Don’t Use And Throw Your Legends

AR Hemant
Yahoo cricket editorial blogs
The retrograde move to recall Dravid can only end badly for him.

The retrograde move to recall Dravid can only end badly for him.

India’s ODI squad for England is along expected lines. Sachin Tendulkar was expected to play this important series. Harbhajan Singh has been rested due to injury or dropped due to excruciatingly bad form, depending on whose word you take. Sreesanth has been used and thrown away as the team has seen fit. And there’s still no sign of Ashish Nehra despite him submitting a fitness certificate.

But the one selection we didn't see coming was Rahul Dravid. "Rested", incidentally, was the word used to describe his absence from the ODI team in 2007, when he was actually dropped.

Considering Dravid's recent good run in Test cricket, it's easy to understand why he has been recalled. In making three hundreds in trying conditions, he brought respectability to India's otherwise poor show. His younger colleagues continue to flunk tests of their techniques. And it's invariably the short ball that gets them curling up in foetal position.

So, while Dravid's comeback may suit India's short-term interests, it rankles on two counts.

One — in all probability, Dravid will be dumped again once India return home to their flat wickets. He was recalled in 2009 when our selectors saw that our flat-wicket bullies couldn't cope with the bouncy tracks for the Champions Trophy in South Africa.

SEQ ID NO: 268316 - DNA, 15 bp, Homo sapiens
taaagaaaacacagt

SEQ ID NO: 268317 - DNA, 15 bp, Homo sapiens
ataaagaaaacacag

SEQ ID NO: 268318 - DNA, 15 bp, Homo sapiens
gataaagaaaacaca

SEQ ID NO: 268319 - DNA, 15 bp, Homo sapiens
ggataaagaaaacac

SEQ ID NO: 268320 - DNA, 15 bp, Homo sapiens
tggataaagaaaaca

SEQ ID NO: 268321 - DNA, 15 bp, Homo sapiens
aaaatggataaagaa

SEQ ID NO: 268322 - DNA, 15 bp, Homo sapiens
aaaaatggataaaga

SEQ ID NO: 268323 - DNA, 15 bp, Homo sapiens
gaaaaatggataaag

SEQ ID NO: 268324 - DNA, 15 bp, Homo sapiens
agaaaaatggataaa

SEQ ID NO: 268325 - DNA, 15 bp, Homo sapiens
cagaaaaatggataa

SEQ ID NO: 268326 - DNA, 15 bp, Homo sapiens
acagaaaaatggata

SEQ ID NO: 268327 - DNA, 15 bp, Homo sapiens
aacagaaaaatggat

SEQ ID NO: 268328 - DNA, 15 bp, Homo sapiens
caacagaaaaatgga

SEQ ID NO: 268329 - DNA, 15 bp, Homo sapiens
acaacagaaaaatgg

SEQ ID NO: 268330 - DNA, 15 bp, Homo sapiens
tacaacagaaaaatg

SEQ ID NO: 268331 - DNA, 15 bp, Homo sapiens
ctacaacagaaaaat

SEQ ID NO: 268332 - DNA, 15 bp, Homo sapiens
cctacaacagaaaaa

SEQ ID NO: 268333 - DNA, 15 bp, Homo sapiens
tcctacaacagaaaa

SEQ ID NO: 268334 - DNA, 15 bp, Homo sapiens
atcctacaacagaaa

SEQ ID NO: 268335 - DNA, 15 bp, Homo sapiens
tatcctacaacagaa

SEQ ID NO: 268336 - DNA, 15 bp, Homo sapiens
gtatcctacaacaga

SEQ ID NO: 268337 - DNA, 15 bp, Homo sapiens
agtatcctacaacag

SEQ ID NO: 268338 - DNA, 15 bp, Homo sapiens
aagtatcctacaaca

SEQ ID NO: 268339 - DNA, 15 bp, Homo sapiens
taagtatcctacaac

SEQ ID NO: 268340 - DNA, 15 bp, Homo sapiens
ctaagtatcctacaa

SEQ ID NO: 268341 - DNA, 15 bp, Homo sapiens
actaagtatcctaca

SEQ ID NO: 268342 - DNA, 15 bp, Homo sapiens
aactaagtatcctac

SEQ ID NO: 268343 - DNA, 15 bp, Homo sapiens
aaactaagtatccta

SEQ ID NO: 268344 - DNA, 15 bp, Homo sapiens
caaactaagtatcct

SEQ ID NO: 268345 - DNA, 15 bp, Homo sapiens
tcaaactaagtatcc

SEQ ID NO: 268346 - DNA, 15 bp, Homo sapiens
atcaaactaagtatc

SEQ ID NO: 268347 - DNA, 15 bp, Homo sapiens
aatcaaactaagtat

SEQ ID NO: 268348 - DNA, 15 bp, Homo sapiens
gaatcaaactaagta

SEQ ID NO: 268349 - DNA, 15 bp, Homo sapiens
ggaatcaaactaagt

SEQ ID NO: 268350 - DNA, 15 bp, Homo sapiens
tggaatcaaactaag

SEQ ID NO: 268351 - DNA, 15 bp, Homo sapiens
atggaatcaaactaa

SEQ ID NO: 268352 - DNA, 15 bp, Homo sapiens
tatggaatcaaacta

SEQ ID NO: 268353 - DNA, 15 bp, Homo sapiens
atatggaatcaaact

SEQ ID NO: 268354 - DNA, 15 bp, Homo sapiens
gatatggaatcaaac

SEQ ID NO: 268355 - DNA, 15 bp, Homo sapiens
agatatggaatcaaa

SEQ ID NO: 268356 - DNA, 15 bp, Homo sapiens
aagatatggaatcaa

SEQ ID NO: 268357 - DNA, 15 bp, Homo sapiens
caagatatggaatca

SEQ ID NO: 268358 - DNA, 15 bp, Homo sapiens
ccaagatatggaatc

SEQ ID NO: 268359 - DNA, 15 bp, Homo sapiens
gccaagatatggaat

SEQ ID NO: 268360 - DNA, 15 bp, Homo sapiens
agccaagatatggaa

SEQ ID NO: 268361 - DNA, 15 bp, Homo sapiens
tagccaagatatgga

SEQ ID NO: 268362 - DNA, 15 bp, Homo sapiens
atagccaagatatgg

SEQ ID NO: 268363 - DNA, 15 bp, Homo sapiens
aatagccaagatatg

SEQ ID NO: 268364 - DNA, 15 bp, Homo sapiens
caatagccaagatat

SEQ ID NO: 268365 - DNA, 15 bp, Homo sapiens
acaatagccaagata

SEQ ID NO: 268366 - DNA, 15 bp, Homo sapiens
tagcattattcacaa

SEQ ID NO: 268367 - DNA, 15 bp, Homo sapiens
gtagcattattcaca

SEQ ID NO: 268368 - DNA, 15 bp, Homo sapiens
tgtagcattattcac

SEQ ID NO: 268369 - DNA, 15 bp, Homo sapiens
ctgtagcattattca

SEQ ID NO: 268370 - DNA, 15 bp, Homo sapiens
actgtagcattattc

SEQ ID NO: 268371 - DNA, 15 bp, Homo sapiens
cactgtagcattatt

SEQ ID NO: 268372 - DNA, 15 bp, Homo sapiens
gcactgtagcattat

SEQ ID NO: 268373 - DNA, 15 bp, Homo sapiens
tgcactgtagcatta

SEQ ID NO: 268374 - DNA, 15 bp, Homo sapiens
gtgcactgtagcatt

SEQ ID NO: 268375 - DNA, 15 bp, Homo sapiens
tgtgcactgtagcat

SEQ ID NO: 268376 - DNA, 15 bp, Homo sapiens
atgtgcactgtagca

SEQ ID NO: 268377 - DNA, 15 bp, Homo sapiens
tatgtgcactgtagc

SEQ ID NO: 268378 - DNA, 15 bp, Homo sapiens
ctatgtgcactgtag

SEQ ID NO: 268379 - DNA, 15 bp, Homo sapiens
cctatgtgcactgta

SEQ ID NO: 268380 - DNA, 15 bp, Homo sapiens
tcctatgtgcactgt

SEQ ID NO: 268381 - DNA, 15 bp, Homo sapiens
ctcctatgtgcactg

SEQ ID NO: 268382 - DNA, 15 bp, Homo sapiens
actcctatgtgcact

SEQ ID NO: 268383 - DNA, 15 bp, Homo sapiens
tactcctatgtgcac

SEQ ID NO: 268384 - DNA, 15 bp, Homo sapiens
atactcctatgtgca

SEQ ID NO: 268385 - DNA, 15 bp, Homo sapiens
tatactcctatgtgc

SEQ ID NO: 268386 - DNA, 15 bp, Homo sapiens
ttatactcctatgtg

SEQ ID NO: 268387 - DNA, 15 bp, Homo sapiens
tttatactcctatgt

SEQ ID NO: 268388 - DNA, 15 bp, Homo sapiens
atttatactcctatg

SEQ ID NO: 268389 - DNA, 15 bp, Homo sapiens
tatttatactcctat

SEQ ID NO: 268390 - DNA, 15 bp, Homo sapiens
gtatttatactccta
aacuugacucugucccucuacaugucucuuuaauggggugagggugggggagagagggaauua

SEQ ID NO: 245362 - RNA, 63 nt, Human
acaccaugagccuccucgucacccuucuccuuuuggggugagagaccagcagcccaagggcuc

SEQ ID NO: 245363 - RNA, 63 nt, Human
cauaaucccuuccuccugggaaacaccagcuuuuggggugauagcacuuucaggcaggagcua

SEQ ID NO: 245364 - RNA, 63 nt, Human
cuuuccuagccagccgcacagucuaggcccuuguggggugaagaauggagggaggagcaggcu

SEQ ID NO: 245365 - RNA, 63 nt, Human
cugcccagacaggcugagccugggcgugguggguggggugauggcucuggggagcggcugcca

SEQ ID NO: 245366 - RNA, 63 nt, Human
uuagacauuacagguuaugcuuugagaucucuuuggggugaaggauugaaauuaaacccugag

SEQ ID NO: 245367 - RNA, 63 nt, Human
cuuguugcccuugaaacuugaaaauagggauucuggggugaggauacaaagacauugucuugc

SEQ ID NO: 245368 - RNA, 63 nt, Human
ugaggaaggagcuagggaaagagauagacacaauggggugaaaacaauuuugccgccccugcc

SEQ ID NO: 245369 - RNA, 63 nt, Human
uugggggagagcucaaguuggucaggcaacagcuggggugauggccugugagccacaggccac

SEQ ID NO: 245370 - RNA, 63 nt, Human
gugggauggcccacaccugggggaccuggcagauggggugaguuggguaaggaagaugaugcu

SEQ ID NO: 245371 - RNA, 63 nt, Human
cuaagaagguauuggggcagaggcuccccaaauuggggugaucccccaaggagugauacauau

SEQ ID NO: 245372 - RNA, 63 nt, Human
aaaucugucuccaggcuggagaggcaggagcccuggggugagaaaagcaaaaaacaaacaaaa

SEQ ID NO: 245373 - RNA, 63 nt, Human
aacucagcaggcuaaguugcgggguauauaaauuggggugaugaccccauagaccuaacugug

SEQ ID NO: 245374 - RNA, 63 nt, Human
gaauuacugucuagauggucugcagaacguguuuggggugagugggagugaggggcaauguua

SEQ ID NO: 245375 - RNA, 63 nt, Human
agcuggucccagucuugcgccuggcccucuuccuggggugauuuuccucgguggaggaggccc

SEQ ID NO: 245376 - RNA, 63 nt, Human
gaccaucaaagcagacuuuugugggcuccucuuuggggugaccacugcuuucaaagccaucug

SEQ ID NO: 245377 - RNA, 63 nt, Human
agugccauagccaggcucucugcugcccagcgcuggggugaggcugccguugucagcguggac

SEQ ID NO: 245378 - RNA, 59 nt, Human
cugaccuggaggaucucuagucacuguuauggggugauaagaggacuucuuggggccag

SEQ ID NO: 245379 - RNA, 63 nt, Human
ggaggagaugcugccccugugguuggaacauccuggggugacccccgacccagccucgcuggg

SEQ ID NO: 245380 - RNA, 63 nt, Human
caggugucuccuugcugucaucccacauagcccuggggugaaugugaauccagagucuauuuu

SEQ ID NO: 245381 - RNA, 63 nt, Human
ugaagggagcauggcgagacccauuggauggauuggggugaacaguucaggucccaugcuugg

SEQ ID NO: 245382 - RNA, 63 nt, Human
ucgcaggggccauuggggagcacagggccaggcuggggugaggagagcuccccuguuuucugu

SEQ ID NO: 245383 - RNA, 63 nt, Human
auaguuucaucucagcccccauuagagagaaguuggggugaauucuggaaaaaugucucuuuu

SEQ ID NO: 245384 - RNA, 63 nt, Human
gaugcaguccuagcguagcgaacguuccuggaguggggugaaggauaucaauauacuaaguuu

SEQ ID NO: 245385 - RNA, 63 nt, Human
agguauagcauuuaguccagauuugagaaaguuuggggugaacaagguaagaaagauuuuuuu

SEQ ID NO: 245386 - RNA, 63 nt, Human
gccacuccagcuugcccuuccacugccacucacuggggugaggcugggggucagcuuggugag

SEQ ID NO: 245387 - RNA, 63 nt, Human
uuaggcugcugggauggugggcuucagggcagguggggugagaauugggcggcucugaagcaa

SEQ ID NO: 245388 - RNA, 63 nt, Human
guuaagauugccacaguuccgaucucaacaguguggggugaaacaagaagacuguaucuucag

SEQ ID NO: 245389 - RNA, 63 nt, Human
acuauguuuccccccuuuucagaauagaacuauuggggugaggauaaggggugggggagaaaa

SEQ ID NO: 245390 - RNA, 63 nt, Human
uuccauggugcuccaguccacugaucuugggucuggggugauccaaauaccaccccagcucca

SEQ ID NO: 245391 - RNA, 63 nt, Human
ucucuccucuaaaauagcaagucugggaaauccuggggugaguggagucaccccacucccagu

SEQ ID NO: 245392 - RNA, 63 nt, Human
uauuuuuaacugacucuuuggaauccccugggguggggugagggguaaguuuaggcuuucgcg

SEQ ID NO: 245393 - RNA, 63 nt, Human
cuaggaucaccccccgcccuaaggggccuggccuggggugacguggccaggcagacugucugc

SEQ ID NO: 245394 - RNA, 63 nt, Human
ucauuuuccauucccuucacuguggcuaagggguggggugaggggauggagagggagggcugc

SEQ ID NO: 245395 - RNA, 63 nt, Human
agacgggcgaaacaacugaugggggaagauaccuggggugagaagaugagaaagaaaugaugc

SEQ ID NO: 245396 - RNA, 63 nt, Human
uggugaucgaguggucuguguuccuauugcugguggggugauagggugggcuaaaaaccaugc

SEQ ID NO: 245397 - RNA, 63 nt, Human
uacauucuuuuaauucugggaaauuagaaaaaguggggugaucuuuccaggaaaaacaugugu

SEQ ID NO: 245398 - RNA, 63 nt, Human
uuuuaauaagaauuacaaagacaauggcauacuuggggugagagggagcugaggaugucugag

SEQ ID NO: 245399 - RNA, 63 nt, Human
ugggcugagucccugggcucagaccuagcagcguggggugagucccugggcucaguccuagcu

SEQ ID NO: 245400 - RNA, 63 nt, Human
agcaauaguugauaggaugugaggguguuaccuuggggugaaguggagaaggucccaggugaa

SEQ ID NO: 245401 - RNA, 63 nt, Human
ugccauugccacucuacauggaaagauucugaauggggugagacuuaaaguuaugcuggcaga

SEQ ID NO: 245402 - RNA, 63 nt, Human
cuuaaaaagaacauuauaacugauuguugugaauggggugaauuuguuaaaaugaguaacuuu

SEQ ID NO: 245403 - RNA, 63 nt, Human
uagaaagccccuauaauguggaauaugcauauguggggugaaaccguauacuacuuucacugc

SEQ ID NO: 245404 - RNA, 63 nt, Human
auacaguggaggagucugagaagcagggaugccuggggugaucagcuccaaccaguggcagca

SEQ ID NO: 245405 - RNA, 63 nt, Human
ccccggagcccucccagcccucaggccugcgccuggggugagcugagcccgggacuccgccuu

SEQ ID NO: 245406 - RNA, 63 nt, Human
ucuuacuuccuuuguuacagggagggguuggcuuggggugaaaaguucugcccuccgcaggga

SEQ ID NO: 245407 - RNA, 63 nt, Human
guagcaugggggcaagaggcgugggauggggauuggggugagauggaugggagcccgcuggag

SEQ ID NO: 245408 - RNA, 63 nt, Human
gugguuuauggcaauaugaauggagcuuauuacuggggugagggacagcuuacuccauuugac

What did Dravid do? He made 14, 47, 39, 76 and 4 — performances that don't warrant being dropped for two years. Just as he didn't warrant being dropped after one really bad series in 2007 when the rallying cry was Youth Power in the wake of the World T20 triumph. This use-and-throw policy may be justified for lesser players, not for one of the greatest batsmen in history.

Two — this side won the World Cup only four months back, and they didn't win it by looking backwards. Young players had a huge hand in this triumph, as did the policy to persist with them. So why recall a semi-retired player to bat for them now?

The saddest part of this retrograde step is that it will end badly for Dravid. He deserves better in the evening of his tremendous career.

Here's former selector Dilip Vengsarkar's reaction to Dravid's recall:

I’m worried about the reason and the thought process behind the recall. If Rahul is back because he plays the short balls well, it is a matter of great concern for Indian cricket. It means the youngsters cannot play the short balls.

This decision means the cupboard is empty. If the youngsters are not technically equipped to play the short ball, then they should be sent to the National Cricket Academy. But I have my doubts.

The catch? Vengsarkar said this in 2009. Two years later, despite a World Cup win, the reasoning and thought process continue to worry.

Some reactions on Twitter

@vikrantgupta73 - Now that Rahul Dravid has an "ODI Farewell" series, hope for VVS too. And why not get @souravganguly87 also to play a series or two. Joke

@bhogleharsha - so does dravid get to play on a flat deck at rajkot? i greatly fear that the selectors of the world champion team are panicking.

@cricketwallah - Dravid's a personal favourite and has been brilliant on this tour, but choosing him for ODIs shows confusion, not to mention a little panic

@cricketaakash - While I think that Dravid's absence from ODI was premature, going back to him as a stop-gap arrangement is adding insult to injury!